EDUCATION IN US DECLINES. Virtually everywhere in the world people tend to be more educated than their parents. This is no longer true in the United States, Daniel Luzer noted at WashingtonMonthly.com (12/8). A report by the American Association of State Colleges and Universities indicates that the US is one of only two nations on Earth in which people aged 25 to 34 have lower educational attainment than their parents.

INDIVIDUAL MANDATE WORKS IN MASS. While Congress is considering whether to mandate health insurance coverage, fewer Massachusetts taxpayers were penalized for lacking required health insurance last year than in 2007. More than 96%, or 3.8 mln, of the state’s taxpayers said they had health insurance for at least part of 2008 and 45,000 were penalized up to $76 for each month they went without coverage, depending on a sliding scale. In 2007, the first year that residents had to report on their tax returns whether they were covered under the state’s insurance coverage mandate, 95% said they were insured and 60,000 were penalized. People with incomes greater than 150% pay the penalty, which is pegged to half the cost of the lowest premium offered by the Commonwealth Health Insurance Connector, Elizabeth Cooney reported at the Boston Globe blog (12/9).

EUROPE GETS 62 MPG FORD. Ford will offer a Focus model this spring that is capable of getting 62 mpg, MatterNetwork.com reported (12/3). Susan Kraemer writes that US regulations make it hard to build the engines to meet US specs, but European laws force carmakers to adhere to strict low-emisson standards which also result in better mileage. Ford is preparing to offer US buyers a Fiesta that will get just 40 mpg in 2011.

S.C. FORGIVES GOP ADULTERER. In the wake of Jenny Sanford filing divorce from her husband, Gov. Mark Sanford (R-S.C.), for cheating on her with an Argentine woman, Public Policy Polling found that while 45% of all South Carolina voters want Sanford to resign, only 33% of the self-described “moral and family values” crowd wants him to quit. And only 28% of “values voters” think Sanford should be impeached, compared with 32% of all S.C. voters. PPP’s Tom Jensen wondered at publicpolicypolling.blogspot.com (12/11), “Where do you think these folks stood on impeaching Bill Clinton? It’s clear there is forgiveness for politicians who cheat on their wives and abuse state resources to do so — as long as they’re Republicans.”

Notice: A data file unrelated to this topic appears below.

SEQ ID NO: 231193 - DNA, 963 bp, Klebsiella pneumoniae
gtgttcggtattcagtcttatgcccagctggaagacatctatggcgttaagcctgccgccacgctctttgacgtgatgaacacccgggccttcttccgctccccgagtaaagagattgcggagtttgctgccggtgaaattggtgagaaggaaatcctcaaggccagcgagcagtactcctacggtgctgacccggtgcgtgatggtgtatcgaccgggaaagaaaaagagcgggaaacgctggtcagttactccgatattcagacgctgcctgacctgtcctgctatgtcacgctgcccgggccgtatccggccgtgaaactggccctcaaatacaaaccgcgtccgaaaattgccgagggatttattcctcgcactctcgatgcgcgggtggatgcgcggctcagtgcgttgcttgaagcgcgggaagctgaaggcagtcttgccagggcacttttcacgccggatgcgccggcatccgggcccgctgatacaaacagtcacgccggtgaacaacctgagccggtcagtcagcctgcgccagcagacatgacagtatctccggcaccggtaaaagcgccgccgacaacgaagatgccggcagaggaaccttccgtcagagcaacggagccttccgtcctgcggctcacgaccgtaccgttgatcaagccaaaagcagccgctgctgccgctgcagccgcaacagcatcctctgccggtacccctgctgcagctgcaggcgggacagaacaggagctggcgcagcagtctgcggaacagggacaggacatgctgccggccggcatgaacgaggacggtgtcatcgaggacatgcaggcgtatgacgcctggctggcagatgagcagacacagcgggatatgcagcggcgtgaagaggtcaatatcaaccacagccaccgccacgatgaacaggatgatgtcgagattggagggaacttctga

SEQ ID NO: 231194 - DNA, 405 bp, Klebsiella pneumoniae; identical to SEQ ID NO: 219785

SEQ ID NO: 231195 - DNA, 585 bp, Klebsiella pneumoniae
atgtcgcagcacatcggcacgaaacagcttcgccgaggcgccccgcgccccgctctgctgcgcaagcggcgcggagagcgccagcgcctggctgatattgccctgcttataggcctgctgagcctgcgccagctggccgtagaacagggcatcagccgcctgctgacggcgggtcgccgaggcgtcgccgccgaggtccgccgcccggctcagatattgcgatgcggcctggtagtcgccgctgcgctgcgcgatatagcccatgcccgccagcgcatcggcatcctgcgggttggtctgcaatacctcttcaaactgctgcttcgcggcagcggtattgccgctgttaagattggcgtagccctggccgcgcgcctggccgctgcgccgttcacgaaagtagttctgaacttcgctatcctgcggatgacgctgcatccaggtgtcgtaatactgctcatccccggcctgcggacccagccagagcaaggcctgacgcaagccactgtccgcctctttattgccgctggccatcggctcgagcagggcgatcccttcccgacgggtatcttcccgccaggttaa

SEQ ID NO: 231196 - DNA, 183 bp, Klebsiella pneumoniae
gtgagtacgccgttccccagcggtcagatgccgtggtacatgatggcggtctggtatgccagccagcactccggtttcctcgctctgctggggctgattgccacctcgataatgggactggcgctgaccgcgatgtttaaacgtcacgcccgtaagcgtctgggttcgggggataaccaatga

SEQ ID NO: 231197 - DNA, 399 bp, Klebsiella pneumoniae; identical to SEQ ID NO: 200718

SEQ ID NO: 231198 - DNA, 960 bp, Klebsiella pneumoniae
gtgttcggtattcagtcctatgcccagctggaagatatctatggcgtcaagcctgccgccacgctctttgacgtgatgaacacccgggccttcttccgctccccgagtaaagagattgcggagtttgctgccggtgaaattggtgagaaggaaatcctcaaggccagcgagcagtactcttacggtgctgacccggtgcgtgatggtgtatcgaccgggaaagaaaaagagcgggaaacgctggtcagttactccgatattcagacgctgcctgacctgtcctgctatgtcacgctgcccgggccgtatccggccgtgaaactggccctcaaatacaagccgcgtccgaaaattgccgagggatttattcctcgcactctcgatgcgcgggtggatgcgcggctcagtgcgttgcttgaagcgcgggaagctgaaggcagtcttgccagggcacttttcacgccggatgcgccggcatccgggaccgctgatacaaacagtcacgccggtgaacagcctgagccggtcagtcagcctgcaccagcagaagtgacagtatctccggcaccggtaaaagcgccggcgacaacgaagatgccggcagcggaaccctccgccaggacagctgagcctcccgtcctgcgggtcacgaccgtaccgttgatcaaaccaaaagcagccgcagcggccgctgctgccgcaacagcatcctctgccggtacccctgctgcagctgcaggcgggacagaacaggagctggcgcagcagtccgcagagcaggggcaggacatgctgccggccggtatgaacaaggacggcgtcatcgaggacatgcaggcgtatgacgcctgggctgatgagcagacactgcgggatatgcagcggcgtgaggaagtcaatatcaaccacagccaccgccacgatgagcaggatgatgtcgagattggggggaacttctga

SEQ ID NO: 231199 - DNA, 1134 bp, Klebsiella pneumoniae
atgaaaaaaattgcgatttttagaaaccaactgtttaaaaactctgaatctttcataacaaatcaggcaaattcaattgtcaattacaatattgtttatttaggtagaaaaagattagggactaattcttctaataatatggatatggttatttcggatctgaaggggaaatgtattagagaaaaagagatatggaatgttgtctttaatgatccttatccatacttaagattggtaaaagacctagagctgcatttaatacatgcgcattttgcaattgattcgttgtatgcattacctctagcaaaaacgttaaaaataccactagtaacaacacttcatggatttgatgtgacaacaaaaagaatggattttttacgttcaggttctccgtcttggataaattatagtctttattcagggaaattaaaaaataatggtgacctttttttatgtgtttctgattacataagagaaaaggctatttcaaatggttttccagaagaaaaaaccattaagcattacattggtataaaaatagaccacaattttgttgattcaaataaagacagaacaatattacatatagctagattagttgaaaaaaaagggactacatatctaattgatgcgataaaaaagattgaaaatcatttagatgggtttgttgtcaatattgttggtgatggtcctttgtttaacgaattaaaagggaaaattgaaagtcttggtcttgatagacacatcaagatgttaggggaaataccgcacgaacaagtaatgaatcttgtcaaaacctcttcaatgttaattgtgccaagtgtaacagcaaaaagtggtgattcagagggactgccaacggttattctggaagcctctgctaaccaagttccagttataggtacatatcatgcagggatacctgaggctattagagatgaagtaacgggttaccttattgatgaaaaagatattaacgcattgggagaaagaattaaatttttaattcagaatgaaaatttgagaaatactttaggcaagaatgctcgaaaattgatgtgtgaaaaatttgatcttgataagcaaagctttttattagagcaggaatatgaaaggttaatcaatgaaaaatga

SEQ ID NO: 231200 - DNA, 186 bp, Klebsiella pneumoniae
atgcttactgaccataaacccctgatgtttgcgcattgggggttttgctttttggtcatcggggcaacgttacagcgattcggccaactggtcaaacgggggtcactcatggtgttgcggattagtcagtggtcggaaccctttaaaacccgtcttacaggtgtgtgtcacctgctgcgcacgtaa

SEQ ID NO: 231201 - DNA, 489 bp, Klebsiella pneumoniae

LIEBERMAN’S LACK OF PRINCIPLES. Ezra Klein commented at the Washington Post blog (12/14) that Joe Lieberman (I-Conn.), in his opposition to a public option and a Medicare buy-in as part of health-care reform legislation, appears to be driven more by a pathological dislike of the liberals who defeated him in the 2006 Democratic primary, forcing him to run for re-election as an independent, than by any remotely rational policy judgment: “If you had attempted to forecast Lieberman’s behavior based on his past positions, you would have failed. His support for Medicare buy-in, and for various other health-care bills, would quickly have misled you. If you had attempted to forecast his behavior based on the attitudes of his constituents, you would also have failed. They support the public option and oppose health-care reform, while Lieberman professes to believe the opposite. But if you had attempted to forecast Lieberman’s positions based on his ongoing grudge match with the liberals who defeated him in the 2006 primary, you’d have nailed it perfectly. He has, at every point, taken aim at the policies that liberals support, even when they are policies that Lieberman himself has supported.”

DEAD PRINT MAG TALLY DOWN. In what passes for good news in the magazine industry, MediaFinder.com reports that 428 titles have ceased publication in 2009, through 12/14. That is down significantly from the 613 thut shut down in 2008 and the 643 that died in 2007, Vanessa Voltolina reported at Foliomag.com (12/14). But there also have been fewer launches, with only 275 startups this year vs. 335 in 2008.

From The Progressive Populist, January 1-15, 2010